“Play something I’ve heard of,” a cry I often hear from elderly family members who are less than impressed with my Roy Smeck imitations. The fact is, no matter how technically adept you are, most people want to hear something they’ve heard a million times before. I suspect that, after ripping through the 24 caprices, Paganini’s grandma screeched, “Play that one off the cigar advert. You know the one.” Luckily, everyone recognises Scott Joplin’s The Entertainer.
The Entertainer (dating from 1902) is easily the most well known ragtime piece, but it only came into prominence in the 70’s when it was used as the theme to the film The Sting (set in 1936 – more than 15 years after ragtime fell from popularity). It has since been used numerous times on TV and by ice-cream vans. I associate with dreary childhood Sunday afternoons watching snooker.
Ragtime music was the first music to cross all international, racial and gender barriers. Thanks to the fact that pianos were regarded as a women’s instrument in the 1800’s, a very large number of ragtime composers were women (read up on the subject on The Ragtime Emphemeralist). Despite the huge level of what now looks like racism (even the cover of The Entertainer is so offensively stereotypical it could have been drawn by a Big Brother contestant), black composers to attain a level of financial success never before known.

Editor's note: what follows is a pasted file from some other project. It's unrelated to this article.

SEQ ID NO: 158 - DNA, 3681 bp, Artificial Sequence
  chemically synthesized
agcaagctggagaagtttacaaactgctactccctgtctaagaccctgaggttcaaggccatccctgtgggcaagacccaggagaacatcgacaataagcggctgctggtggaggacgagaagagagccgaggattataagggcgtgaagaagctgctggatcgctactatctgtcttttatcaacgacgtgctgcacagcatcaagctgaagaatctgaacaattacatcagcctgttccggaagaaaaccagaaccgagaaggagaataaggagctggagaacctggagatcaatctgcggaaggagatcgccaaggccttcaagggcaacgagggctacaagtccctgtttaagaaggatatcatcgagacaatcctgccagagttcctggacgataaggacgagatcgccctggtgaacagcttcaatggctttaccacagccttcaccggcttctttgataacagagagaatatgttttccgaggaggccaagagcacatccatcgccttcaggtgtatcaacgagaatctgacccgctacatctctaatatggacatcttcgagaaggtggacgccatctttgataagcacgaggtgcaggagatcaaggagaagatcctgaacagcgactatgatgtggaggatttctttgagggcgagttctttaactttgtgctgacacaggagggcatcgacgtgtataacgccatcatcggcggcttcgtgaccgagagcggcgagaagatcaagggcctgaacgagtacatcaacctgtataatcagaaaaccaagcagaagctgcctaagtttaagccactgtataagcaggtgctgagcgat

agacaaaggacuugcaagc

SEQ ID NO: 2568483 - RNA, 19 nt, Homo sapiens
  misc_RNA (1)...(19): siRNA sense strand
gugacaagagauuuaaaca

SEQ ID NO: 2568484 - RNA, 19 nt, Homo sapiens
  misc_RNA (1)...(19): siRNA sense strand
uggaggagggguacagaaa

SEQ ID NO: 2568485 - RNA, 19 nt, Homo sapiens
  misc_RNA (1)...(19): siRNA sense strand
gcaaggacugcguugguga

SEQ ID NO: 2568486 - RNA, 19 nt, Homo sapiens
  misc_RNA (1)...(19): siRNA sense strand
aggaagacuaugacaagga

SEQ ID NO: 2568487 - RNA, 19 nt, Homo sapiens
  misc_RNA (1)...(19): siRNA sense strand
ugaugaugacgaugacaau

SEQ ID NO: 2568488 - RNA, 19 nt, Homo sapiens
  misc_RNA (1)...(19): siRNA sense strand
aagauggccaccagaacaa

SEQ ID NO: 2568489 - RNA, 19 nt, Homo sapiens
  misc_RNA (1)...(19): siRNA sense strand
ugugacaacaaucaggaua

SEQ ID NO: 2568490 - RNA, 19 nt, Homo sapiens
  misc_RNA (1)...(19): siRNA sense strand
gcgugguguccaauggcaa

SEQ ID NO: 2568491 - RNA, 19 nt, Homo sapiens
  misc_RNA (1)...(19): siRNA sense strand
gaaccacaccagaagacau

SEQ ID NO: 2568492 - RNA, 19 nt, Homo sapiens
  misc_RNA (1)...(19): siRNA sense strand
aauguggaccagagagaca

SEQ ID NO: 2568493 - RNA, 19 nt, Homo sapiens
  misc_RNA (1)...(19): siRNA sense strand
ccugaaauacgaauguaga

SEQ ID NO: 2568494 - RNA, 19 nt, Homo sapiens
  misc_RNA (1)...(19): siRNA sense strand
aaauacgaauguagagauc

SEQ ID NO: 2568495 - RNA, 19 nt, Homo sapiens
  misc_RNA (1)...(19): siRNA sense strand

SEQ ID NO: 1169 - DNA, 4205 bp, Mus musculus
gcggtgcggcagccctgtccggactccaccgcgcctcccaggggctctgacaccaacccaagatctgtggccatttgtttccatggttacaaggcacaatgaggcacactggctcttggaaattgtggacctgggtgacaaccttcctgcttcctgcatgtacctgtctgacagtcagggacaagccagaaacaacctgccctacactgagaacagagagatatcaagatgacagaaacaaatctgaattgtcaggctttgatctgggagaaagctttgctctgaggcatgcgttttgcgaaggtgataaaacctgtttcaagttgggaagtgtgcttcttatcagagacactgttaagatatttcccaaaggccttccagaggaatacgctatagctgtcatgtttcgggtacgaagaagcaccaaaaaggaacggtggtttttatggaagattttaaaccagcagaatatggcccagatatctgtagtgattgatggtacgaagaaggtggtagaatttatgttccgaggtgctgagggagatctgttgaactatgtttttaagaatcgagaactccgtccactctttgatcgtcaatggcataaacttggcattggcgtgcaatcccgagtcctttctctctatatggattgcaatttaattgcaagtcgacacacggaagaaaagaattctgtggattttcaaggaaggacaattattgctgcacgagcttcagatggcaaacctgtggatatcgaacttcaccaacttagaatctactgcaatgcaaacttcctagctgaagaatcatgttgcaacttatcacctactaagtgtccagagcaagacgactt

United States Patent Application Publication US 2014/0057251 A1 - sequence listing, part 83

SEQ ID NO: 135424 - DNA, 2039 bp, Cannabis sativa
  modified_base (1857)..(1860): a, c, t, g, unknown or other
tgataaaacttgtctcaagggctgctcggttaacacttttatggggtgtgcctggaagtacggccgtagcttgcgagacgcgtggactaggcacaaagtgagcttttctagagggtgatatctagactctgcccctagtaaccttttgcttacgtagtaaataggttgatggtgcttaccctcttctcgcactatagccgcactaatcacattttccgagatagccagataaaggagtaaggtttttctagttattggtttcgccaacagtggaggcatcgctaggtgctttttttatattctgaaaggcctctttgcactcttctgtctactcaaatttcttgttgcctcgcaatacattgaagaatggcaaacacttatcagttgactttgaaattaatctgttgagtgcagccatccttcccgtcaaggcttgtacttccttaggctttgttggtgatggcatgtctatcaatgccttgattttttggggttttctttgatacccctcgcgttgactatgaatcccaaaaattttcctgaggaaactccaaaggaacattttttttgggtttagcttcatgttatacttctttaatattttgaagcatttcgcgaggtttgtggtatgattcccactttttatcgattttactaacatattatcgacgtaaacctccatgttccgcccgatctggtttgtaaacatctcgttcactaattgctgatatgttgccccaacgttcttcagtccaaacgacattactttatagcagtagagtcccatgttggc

Scott Joplin’s advice on playing ragtime, and one he insisted was printed on every one of his song sheets, was, “Ragtime should never be played fast.” We’re used to hearing speedy ragtime thanks to nefarious owners of player pianos who would speed up the music in order to shorten the time between coins being dropped in the slot.
Inevitably when transferring a piano piece to uke you’re going to lose some parts. Here the steady bass part is left out and only the syncopated melody remains. This could cause the piece to feel disjointed but the melody is so strong and familiar that the pulse of the song comes through clearly. While playing the tune, be sure to feel the pulse as the melody skits around it in order to keep the song driving along.
Another adjustment required to make this piece uke-able. Whereas you can hit a note on the piano at breakfast and still hear it ringing at bedtime, ukes don’t sustain notes too well. Brian gets round this two ways in this piece. First by using vibrato – sometimes a huge amount – to keep notes ringing. Also he adds in quieter notes (marked pianissimo) to ensure that the piece doesn’t slacken during long sustains. Once you’ve mastered those and managed to get the occasional big fretboard leaps as smooth as Brian plays them, you’ll be well on your way to impressing grandma.
While I was discussing this piece with Brian, he recommend that I check out John King‘s arrangement of it in his book The Classic Ukulele. Something I absolutely intend to do.